If we are to remain an open society we need to teach the creative process and embody it as well in our teaching. I try to foster a creative environment in the studio along with emphasizing the discipline that learning an art form demands. Strangely, many art students do not feel creative. The striving to make something of merit often stifles the urge to begin. Creativity requires a certain amount of mess, of boredom, of play and practice in order to perform its magical alchemy. Rigid hierarchical formulae do not help to promote its appearance. We cannot be creative if we are being taught that conforming is the most important requirement. This is why so many students feel that being creative is a rare gift rather than a natural outcome of their nature, too many years spent in graded, monitored, tested classrooms can kill off the ability to create. Often beginning students are intensely creative before fear and compliance knock them back into simply performing for others.
I stay in my job with pleasure, it keeps me involved in my passions and engaged with young clever minds. I teach drawing and painting but I also feel my job is to awaken students to their own nascent creativity. To engage in the creative process is to grow as a person and as a citizen of the world. Within the beautiful environment of the Center with its multicultural milieu, with imaginative and intellectual activities and trusting relationships the creative is allowed to emerge. :Jane Morris Pack
“Those persons, whom nature has endowed with genius and virtue, should be rendered by liberal education worthy to receive, and able to guard the sacred deposit of the rights and liberties of their fellow citizens; and . . . they should be called to that charge without regard to wealth, birth or other accidental condition or circumstance.” –Thomas Jefferson, 1779
29, October 2016 § Leave a comment
Clearing Storm at the end of a brilliant day
As the last days of October come in with clouds and cold winds, we have arrived at our half term break. Some of the students will be travelling, but the majority of the group are choosing to stay in Paros to work in the studios and the digital lab. It has been a busy and event filled semester. After returning from Italy we introduced the landscape of our lovely island with several hikes, the first was a walk above Lefkes to the inner valley beyond the windmills. There among the olive trees John read an entry from his journal from the time he lived on the Navajo Reservation in Arizona. It never fails to move his audience and this time there was a deep quiet as he finished. His words touched us all.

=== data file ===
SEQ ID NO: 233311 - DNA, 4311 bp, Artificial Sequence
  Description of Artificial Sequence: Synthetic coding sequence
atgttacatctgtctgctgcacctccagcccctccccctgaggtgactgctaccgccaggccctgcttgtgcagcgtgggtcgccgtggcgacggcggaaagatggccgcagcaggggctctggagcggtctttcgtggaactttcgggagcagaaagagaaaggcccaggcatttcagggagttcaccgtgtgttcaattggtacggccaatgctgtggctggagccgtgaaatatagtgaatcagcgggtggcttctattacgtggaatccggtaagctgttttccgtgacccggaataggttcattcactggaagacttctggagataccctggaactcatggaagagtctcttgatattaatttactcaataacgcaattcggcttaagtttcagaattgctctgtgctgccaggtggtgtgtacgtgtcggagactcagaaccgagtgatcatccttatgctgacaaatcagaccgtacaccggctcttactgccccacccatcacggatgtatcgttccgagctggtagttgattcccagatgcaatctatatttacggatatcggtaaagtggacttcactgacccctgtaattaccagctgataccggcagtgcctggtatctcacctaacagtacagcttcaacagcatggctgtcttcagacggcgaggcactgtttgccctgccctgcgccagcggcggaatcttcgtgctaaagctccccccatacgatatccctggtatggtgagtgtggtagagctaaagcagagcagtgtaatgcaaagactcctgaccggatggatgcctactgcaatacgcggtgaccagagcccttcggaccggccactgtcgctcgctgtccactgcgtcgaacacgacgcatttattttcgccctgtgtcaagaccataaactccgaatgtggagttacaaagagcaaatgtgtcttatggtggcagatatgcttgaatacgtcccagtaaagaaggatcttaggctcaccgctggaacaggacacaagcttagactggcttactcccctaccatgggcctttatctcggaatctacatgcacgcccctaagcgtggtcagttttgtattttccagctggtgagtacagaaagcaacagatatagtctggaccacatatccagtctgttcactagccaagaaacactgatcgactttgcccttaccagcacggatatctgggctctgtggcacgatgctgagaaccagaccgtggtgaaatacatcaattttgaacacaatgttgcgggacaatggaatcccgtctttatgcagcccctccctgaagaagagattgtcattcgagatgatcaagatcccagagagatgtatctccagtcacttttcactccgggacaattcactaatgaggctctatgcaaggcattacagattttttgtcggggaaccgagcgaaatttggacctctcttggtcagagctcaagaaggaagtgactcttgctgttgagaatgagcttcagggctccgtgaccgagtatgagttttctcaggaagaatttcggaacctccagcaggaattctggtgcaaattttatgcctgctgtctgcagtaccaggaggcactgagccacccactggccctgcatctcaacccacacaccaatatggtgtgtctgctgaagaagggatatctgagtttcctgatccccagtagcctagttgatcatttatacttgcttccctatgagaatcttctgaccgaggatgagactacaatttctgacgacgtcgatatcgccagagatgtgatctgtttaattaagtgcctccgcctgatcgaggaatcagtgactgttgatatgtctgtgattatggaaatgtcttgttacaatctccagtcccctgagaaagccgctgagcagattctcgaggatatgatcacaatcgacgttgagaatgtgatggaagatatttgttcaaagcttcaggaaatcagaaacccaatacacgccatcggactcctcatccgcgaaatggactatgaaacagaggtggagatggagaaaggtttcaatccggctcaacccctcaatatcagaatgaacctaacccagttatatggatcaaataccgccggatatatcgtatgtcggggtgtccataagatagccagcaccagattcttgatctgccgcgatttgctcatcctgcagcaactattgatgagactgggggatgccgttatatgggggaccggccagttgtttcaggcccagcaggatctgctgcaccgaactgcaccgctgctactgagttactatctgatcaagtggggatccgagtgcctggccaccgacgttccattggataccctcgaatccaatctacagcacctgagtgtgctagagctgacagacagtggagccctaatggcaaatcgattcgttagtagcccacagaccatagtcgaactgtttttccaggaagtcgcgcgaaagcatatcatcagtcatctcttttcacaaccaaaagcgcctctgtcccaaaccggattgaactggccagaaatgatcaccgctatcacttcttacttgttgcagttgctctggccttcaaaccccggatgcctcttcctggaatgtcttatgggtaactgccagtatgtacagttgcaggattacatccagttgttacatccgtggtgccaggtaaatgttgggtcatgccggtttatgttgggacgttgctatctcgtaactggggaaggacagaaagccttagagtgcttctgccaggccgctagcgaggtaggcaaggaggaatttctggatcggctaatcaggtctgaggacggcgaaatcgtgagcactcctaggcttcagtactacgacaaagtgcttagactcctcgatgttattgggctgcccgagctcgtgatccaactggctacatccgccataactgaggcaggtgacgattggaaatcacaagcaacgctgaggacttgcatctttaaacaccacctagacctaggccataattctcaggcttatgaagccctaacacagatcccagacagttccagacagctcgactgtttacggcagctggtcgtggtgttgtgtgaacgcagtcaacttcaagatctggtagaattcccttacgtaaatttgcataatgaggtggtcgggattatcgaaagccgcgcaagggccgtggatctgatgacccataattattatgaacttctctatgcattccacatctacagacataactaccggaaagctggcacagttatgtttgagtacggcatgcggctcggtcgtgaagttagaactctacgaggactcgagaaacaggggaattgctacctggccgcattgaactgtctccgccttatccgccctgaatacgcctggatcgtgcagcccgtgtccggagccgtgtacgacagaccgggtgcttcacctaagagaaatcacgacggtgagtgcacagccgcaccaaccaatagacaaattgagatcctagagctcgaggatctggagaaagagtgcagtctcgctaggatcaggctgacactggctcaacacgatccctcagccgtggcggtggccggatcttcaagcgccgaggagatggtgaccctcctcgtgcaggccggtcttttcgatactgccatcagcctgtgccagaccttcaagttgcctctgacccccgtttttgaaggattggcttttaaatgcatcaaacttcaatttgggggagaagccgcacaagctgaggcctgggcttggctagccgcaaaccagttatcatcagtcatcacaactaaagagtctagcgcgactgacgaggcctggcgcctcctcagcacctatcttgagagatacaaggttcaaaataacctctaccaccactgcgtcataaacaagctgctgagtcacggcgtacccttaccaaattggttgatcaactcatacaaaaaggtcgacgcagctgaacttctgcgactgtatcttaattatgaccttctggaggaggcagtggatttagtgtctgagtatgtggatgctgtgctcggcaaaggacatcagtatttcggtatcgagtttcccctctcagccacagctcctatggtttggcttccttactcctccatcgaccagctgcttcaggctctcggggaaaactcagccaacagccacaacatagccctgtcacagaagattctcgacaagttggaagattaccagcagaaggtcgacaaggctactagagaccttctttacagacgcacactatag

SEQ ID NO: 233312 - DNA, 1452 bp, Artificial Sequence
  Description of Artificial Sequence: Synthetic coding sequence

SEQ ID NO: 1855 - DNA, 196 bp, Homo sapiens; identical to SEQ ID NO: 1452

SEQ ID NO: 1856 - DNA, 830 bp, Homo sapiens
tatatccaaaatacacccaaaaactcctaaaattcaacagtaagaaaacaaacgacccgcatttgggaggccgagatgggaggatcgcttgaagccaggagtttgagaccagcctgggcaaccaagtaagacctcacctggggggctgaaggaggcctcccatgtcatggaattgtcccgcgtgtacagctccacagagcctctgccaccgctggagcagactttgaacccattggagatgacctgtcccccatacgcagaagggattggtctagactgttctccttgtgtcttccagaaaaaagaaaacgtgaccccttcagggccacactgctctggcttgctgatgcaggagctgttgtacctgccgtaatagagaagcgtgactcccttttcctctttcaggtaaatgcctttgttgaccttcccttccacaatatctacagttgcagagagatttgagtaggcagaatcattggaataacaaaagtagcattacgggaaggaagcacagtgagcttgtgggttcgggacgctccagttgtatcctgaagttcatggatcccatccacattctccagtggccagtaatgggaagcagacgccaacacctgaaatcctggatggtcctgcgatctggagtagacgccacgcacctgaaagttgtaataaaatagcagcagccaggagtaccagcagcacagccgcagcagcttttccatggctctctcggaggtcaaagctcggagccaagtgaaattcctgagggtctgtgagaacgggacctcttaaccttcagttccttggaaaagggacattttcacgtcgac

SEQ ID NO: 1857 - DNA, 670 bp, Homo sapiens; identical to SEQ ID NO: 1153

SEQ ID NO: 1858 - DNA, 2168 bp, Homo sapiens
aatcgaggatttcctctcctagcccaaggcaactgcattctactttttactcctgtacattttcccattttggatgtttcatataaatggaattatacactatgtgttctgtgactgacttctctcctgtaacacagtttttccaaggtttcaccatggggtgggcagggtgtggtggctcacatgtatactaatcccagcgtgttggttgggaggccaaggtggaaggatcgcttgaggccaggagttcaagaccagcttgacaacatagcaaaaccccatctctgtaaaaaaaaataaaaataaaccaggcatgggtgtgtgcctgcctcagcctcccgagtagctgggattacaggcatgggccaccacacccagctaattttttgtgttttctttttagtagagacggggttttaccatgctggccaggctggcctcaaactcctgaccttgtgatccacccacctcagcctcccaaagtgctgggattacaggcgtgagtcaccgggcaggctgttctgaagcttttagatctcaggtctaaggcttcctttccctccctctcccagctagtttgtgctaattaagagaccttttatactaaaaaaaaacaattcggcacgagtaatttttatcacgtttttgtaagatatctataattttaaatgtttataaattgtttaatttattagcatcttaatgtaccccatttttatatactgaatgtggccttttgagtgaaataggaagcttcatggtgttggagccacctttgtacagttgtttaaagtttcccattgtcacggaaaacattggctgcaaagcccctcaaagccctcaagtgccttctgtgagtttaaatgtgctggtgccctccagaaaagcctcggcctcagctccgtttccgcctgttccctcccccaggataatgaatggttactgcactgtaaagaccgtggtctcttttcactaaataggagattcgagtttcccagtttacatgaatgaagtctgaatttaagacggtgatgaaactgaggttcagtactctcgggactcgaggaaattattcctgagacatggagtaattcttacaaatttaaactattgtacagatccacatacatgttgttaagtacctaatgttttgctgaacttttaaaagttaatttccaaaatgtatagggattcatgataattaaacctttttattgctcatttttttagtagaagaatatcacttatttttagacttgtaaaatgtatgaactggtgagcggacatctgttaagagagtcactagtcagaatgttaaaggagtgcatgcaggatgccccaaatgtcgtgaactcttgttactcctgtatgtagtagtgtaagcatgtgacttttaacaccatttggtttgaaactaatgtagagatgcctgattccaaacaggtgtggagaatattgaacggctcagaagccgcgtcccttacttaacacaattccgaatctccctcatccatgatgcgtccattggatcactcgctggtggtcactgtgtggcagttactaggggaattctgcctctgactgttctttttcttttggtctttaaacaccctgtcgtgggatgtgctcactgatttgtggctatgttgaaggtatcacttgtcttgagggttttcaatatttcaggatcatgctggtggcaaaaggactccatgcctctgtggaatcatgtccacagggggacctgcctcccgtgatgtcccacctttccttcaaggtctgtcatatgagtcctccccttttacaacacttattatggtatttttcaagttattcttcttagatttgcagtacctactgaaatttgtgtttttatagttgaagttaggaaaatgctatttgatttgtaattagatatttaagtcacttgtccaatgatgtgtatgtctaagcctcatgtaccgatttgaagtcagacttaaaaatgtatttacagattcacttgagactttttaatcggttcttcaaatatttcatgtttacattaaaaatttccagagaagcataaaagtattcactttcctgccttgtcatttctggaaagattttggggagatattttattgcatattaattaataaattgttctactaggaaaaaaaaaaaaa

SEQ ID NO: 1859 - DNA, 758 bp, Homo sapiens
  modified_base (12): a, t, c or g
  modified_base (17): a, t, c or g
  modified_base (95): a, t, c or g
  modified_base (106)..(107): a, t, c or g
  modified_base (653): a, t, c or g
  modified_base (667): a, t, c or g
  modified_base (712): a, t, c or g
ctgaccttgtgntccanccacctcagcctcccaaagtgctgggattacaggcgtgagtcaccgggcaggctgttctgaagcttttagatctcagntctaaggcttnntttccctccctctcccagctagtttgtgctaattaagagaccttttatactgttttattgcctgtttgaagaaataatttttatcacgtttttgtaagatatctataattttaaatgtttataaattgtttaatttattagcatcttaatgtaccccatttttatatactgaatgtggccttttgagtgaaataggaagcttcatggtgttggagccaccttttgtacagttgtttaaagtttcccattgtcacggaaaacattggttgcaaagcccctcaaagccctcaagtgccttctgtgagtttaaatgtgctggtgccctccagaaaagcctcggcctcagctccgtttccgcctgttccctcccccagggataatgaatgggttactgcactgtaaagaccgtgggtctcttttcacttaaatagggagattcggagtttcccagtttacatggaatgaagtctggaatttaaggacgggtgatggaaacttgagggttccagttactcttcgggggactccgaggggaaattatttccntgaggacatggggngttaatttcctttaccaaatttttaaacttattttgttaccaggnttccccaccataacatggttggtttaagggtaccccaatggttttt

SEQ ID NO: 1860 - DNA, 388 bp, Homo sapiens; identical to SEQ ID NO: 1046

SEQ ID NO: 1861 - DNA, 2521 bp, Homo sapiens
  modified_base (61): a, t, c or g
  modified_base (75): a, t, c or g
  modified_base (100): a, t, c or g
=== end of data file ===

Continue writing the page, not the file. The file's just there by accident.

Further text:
John reading from his journal under the olive trees
Last weekend we sailed around Antiparos with Captain Tasso and had a meal at Zombos, a restaurant at the southern end of the island facing Despotico. We had just strolled about the new excavations of the ancient temple, getting a glimpse into the working of the restorers who are rebuilding the facade of the temple. The winds came up as we finished our meal and Captain Tasso felt we needed to start back to avoid the oncoming storm. It caught up with us anyway and we all got wet, but the students sang and huddle together and we were rewarded with a full rainbow as we turned the corner toward Paros and home.
A few days ago Dimitra Skandalis gave a guest lecture on her work just before she returned to her new home in San Francisco. She shared her ideas and her passions with students and brought along some samples of the work she does with seaweed. She is a former student who is originally from Paros. Her exhibition at the school this summer was her first solo show here on the island.
Now with a much needed break to consolidate information and clarify goals, the students will come back to finish the semester work and prepare to display their efforts for the final exhibition in the first week of December.
Cliffs of volcanic detritus on the backside of Antiparos.
Enjoying the Rain…Hoddies!
:Thanks, Ken Shiozawa, for the photos and being Student Extraordinaire
13, October 2016 § 2 Comments
An advertising professional based in Dubai, Aanchal Sethi is currently taking a sabbatical to attend the Aegean Center’s fall semester. Here is a post from Aanchal’s own blog, reposted here in full with Aanchal’s permission.